3 Interesting Facts About Poison Ivy

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Say the word poison ivy and people itch! Not really, but it can seem that way. Over 85% of the people that come into contact with the plant can have an allergic reaction. This can range from a few blisters to a reaction so severe they end up in the hospital. Poison Ivy is very interesting though. It has quite a few facts that many people know nothing about. Take the time to learn about our itchy friend, Poison Ivy.

1. Where Poison Ivy Comes From

Poison Ivy can grow either in a bush or a climbing vine. This is important to know, because vines grow up the side of houses. Before you go pulling off a pesky vine, put on your thinking cap. The vines can grow almost anywhere. They can go up the side of a building, even another bush or a tree. You need to have watchful eyes around our pesky friend.

A bush of Poison Ivy can grow as tall as three to five feet. That is huge. It is a perennial. That means the plant can live up to three years unharmed. The leaves of a Poison Ivy plant cluster in three. Have you ever heard the rhyme “Leaves of three, let them be!”? That means Poison Ivy! In the vine or the bush, the leaves of three are always clustered together. They are bright green, resembling hemlock green. In Autumn, the leaves have a very bright red vein that run through them. If you see this, do not touch. Even though the weather has gotten colder, Poison Ivy is still just as dire.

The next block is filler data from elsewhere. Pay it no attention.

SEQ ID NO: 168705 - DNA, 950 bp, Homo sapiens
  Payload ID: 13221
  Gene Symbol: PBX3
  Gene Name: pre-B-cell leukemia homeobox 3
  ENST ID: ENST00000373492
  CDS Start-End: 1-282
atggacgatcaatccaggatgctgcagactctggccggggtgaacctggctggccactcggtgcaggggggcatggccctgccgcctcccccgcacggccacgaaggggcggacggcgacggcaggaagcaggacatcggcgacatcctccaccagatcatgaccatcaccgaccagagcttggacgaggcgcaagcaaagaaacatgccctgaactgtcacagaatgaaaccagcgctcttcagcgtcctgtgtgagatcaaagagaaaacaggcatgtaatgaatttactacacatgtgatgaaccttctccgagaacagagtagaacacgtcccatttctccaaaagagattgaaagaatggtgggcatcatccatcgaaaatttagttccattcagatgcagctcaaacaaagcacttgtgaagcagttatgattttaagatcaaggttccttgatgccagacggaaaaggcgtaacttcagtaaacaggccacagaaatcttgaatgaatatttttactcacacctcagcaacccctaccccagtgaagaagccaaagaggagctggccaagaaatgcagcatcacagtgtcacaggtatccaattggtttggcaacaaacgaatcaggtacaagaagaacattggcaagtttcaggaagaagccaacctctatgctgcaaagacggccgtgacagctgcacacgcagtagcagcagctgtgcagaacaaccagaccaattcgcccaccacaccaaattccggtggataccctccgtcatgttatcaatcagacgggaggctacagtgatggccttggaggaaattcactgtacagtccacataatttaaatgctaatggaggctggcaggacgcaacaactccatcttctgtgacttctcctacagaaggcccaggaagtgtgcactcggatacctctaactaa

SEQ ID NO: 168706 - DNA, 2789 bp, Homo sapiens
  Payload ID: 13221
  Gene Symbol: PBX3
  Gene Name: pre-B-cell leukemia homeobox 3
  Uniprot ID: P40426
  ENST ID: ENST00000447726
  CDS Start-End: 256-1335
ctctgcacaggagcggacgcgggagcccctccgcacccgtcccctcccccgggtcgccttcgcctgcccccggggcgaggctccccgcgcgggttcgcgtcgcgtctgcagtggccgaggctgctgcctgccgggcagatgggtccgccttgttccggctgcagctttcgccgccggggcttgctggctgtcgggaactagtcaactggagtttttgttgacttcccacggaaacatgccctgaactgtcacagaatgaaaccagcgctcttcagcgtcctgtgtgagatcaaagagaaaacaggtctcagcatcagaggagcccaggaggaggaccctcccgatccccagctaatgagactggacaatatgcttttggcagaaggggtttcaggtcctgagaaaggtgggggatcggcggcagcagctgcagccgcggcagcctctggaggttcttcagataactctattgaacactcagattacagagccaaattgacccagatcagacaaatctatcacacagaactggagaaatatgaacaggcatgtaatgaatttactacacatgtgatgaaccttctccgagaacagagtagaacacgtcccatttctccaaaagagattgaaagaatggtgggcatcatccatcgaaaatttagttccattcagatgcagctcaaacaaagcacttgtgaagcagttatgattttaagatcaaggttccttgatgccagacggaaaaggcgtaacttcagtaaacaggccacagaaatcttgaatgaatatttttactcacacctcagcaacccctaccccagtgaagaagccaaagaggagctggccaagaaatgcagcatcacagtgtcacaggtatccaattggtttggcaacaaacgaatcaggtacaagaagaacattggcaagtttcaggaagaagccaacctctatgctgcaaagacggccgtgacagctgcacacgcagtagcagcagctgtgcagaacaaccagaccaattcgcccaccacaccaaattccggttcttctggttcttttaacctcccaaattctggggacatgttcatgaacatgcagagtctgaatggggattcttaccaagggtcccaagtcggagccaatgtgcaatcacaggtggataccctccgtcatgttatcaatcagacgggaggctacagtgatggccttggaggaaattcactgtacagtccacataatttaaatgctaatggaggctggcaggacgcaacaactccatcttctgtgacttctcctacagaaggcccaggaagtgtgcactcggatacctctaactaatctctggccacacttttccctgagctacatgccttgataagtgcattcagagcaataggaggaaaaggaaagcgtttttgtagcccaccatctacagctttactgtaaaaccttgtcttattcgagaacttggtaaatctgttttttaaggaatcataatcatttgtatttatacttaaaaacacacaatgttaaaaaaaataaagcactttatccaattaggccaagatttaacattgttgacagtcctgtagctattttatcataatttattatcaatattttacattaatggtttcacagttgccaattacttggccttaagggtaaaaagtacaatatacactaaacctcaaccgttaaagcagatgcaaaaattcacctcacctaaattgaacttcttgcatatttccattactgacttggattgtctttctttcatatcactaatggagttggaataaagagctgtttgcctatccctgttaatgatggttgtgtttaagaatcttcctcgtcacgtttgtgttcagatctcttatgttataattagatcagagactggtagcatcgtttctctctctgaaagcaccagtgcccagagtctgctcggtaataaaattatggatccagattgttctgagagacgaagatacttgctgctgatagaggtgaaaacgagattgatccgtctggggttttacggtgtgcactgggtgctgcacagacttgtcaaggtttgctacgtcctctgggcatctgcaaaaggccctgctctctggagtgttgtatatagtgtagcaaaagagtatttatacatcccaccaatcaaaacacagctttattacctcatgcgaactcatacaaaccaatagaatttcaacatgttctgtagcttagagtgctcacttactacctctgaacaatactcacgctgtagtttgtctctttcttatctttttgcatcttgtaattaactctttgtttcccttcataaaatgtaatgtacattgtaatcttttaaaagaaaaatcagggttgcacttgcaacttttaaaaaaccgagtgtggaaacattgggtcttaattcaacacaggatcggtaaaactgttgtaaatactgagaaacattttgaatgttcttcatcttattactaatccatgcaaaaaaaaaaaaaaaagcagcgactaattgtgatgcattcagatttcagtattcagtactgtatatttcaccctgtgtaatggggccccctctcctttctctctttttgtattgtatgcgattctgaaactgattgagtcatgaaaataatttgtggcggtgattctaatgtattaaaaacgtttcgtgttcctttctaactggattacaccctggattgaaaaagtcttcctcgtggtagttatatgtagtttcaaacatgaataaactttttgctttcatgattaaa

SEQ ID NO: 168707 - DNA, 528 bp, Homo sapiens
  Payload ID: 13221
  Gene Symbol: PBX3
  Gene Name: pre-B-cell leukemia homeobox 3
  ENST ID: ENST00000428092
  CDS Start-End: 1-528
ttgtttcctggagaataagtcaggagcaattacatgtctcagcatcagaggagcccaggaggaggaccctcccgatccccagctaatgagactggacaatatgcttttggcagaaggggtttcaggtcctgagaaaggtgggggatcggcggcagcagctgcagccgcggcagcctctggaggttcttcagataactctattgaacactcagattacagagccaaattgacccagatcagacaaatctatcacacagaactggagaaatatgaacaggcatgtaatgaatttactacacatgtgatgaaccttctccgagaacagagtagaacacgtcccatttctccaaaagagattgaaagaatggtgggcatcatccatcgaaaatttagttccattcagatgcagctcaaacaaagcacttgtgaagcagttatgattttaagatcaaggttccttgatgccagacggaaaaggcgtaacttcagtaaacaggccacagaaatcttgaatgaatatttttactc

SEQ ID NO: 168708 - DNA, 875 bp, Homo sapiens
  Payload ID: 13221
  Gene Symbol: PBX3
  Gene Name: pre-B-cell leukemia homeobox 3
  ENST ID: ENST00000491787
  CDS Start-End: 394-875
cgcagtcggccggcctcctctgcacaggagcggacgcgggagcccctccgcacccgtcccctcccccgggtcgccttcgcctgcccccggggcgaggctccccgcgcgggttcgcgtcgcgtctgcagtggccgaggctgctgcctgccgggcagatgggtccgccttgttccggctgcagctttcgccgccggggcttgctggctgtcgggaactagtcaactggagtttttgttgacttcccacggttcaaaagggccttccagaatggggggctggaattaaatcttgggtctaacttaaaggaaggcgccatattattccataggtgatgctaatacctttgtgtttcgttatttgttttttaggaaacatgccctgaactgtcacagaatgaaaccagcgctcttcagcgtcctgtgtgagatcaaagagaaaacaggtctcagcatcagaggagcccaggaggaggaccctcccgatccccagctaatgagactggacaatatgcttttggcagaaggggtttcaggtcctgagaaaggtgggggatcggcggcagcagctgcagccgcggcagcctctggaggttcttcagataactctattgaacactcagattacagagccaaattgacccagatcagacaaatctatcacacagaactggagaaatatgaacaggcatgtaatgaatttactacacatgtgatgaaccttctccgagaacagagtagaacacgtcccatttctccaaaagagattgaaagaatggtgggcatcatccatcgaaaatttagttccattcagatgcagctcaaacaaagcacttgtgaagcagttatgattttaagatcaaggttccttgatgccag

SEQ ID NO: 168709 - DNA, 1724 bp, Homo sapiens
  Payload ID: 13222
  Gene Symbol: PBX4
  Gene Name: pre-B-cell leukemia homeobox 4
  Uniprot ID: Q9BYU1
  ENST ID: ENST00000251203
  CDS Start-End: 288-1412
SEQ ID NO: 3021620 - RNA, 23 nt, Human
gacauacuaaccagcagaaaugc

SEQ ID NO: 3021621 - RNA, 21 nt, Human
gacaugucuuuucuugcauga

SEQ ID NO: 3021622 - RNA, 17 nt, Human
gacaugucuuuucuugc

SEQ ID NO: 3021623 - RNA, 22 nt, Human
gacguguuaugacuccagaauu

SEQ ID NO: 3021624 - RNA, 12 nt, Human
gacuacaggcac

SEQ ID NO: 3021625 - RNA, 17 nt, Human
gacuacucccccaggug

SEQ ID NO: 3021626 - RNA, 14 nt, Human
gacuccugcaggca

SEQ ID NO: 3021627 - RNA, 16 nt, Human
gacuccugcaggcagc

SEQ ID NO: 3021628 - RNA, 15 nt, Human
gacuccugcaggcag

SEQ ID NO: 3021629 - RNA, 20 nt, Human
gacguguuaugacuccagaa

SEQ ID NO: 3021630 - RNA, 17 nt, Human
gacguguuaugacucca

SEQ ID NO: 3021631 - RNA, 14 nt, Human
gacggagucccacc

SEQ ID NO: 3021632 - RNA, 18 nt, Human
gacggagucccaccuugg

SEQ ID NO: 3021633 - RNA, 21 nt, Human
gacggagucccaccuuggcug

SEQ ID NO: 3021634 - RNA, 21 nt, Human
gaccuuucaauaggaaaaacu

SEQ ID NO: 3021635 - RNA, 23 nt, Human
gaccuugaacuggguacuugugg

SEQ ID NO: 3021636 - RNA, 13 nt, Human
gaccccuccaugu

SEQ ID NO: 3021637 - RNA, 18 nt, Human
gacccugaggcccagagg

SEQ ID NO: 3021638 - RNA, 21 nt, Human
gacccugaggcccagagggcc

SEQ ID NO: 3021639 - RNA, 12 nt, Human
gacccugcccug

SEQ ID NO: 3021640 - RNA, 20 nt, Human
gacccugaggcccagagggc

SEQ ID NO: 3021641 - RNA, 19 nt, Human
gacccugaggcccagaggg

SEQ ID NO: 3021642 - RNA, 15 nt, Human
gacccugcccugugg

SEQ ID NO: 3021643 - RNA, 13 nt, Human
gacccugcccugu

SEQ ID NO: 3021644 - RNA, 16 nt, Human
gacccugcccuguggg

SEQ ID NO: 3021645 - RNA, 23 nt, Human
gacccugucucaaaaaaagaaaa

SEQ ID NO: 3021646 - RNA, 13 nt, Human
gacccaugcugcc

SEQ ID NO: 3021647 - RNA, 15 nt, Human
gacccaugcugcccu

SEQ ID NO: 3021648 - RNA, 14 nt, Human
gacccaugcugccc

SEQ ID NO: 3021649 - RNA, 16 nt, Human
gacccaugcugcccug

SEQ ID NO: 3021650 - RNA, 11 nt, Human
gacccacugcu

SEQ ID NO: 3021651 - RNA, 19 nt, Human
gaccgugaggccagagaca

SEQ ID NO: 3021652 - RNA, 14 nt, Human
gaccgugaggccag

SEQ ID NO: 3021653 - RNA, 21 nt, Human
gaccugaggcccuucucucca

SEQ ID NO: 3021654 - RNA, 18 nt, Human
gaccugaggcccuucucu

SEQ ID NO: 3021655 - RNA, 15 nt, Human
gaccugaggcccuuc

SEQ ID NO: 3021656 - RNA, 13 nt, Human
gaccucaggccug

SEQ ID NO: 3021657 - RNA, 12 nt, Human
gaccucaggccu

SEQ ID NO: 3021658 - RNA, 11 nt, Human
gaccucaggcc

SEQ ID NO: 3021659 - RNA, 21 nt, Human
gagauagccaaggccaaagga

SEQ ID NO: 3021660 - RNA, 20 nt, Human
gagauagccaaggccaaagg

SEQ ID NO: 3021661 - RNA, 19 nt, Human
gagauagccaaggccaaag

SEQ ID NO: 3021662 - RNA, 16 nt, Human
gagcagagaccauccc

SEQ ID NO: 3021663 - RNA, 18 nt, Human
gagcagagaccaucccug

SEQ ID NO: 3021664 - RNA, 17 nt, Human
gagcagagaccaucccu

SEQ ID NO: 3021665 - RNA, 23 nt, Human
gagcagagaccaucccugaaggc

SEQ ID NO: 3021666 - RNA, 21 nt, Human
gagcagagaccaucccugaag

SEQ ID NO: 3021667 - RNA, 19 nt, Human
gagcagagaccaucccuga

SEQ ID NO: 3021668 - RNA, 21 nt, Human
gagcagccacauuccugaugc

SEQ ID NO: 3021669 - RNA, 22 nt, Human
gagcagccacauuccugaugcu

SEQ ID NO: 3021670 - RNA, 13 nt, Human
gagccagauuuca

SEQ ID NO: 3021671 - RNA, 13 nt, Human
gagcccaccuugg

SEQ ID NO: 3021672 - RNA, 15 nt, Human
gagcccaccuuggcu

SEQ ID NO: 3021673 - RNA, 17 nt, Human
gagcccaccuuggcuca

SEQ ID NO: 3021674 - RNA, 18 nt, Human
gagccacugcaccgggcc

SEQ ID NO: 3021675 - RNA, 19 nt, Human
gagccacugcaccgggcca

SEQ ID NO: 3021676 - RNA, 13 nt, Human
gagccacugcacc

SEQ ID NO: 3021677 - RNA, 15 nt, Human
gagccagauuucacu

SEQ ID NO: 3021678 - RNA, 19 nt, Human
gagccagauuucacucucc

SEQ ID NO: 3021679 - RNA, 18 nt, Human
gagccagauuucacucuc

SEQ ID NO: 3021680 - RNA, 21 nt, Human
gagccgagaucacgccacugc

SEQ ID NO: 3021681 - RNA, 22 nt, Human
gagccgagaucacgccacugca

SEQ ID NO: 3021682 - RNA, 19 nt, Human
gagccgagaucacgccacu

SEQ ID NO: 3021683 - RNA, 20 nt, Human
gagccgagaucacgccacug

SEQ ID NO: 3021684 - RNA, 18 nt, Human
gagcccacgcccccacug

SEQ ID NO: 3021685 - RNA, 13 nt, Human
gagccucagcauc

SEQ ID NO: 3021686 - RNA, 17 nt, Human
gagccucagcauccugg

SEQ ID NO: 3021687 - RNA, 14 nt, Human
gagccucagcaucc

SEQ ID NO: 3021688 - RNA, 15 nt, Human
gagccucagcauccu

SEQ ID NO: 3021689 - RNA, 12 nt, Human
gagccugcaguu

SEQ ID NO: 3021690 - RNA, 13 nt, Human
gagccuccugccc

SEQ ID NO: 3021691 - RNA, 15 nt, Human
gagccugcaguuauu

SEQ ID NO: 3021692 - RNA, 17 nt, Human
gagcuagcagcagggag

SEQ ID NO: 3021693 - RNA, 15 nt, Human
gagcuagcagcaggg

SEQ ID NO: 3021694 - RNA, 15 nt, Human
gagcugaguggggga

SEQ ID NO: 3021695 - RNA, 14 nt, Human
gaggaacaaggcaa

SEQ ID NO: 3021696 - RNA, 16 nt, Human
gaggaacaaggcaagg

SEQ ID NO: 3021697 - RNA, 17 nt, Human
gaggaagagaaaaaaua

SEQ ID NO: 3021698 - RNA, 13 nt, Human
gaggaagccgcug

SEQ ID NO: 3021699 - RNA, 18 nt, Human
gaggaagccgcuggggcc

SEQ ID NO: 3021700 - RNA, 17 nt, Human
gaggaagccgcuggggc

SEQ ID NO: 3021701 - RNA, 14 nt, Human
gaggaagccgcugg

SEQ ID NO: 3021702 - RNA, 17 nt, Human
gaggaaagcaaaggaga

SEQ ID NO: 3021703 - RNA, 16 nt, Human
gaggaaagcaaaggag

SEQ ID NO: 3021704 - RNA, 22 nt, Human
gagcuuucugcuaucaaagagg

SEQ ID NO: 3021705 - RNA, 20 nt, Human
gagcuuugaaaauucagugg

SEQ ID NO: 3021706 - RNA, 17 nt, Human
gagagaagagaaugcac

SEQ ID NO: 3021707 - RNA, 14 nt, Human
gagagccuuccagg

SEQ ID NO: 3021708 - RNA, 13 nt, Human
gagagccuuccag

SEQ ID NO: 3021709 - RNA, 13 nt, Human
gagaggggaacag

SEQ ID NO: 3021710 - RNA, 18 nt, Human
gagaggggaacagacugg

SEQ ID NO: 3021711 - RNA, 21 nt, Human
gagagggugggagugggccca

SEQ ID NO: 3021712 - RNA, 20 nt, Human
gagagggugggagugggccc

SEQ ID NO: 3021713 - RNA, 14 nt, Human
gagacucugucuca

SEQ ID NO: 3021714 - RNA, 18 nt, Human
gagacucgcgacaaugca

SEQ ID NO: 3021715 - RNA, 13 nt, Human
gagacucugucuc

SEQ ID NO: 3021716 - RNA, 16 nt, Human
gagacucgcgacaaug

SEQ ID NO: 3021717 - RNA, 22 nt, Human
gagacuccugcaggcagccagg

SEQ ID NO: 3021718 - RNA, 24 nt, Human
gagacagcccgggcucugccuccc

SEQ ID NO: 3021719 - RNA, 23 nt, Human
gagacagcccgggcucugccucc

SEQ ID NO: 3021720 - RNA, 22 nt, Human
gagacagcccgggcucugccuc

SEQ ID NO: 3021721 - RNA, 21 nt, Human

2. Most Common Time for Poison Ivy to Mature

In May through August, the Poison Ivy plant has flowers. They have a light greenish color to them. As they mature, the color gets brighter. These are not flowers to be picked though. Admire them from afar, please. If you pick these flowers, you will get a reaction for sure.

Poison Ivy has a small berry called a durgal. It is deep red. Animals can eat these berries. They are not allergic to the plant. Only humans have an allergic reaction to Poison Ivy, no one else.

3. Are You Allergic?

The substance that causes the allergic reaction is an oil. It is called Urushiol Oil. It takes only the amount the size of a pinhead to cause a reaction. Think about that. Only the size of a pinhead drop, and you could be itching all day long. That is so very small for what could be a huge itch. Mango trees also have Urushiol Oil, but it doesn’t cause the same reaction.

If you get Poison Ivy, you cannot spread it to another person. It is not contagious, even if they come in contact with a blister. Either way, be smart. Leaves of three, let them be.